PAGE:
Iraqi architects and historians have decried official neglect of historical buildings nationwide, many of which have fallen into disrepair and disuse, and called for greater attention to be paid to them.
“For many years, we have talked about the importance of maintaining historical centres and buildings spread across Iraqi cities ... but unfortunately, the government did not respond to these calls,” Iraqi architect Hisham al-Medfai said at a conference of local historians and architects over the weekend.
“Architectural heritage in urban centers now requires an important step to maintain it,” Medfai said.
He pointed out that only 200 old houses remain in the eastern half of Baghdad, after hundreds were replaced by new shopping centers, which Medfai described as a big loss and a result of the absence of planning.
Medfai called for the government to invest in preserving heritage buildings.
“There are historical centers and a huge heritage culture that Baghdad inherited, and they are now 1,250 years old,” said Iraqi historian Salim al-Alusi.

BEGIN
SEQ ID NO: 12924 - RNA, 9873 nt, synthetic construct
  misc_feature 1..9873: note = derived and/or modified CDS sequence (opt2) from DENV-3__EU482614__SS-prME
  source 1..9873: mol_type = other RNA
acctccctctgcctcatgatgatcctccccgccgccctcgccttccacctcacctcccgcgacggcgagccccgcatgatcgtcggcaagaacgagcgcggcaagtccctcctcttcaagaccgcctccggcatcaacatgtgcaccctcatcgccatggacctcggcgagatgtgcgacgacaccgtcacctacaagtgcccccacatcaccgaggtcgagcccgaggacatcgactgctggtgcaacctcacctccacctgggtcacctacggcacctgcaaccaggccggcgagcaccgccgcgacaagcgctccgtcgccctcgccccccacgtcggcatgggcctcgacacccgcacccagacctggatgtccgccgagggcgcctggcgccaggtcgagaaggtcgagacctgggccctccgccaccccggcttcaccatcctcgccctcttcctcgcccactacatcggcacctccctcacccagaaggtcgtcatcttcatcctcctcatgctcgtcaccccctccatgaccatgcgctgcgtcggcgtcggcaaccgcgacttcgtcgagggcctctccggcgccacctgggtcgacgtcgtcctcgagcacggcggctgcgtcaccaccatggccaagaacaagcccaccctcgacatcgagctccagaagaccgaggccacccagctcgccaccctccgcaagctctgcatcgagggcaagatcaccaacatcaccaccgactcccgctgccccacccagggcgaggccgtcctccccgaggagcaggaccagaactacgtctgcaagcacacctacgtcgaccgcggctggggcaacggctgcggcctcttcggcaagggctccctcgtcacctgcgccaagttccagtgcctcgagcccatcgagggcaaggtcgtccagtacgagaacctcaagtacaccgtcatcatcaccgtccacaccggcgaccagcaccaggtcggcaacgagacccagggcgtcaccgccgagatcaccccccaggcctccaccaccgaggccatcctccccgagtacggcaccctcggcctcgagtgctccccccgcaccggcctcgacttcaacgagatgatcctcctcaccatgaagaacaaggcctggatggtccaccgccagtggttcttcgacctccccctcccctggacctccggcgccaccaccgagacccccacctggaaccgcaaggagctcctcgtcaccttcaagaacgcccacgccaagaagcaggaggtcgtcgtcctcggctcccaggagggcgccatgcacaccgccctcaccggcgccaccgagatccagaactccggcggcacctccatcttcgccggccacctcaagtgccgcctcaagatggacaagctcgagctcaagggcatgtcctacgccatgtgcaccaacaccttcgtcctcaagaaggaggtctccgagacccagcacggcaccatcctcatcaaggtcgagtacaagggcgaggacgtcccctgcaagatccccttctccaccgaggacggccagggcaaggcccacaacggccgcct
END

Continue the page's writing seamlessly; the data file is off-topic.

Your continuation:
“And there are historical centers belonging to the pre-Islamic period, especially in Agerguf (west Baghdad), but there is no interest in maintaining them,” he said.
“The best period Baghdad passed through was during the monarchy, but there are no institutions for keeping the heritage like officials did in that era,” Alusi continued.
During the rule of now-executed dictator Saddam Hussein, Iraq enforced laws protecting historical sites.
But since the 2003 U.S.-led invasion that overthrew his regime, such laws have seen lax enforcement and the government has prioritized reconstruction of the war-battered country over preservation of heritage buildings.
More recently, however, Baghdad's local authority has begun prohibiting locals from renovating their houses or buildings if they are classed as historical sites.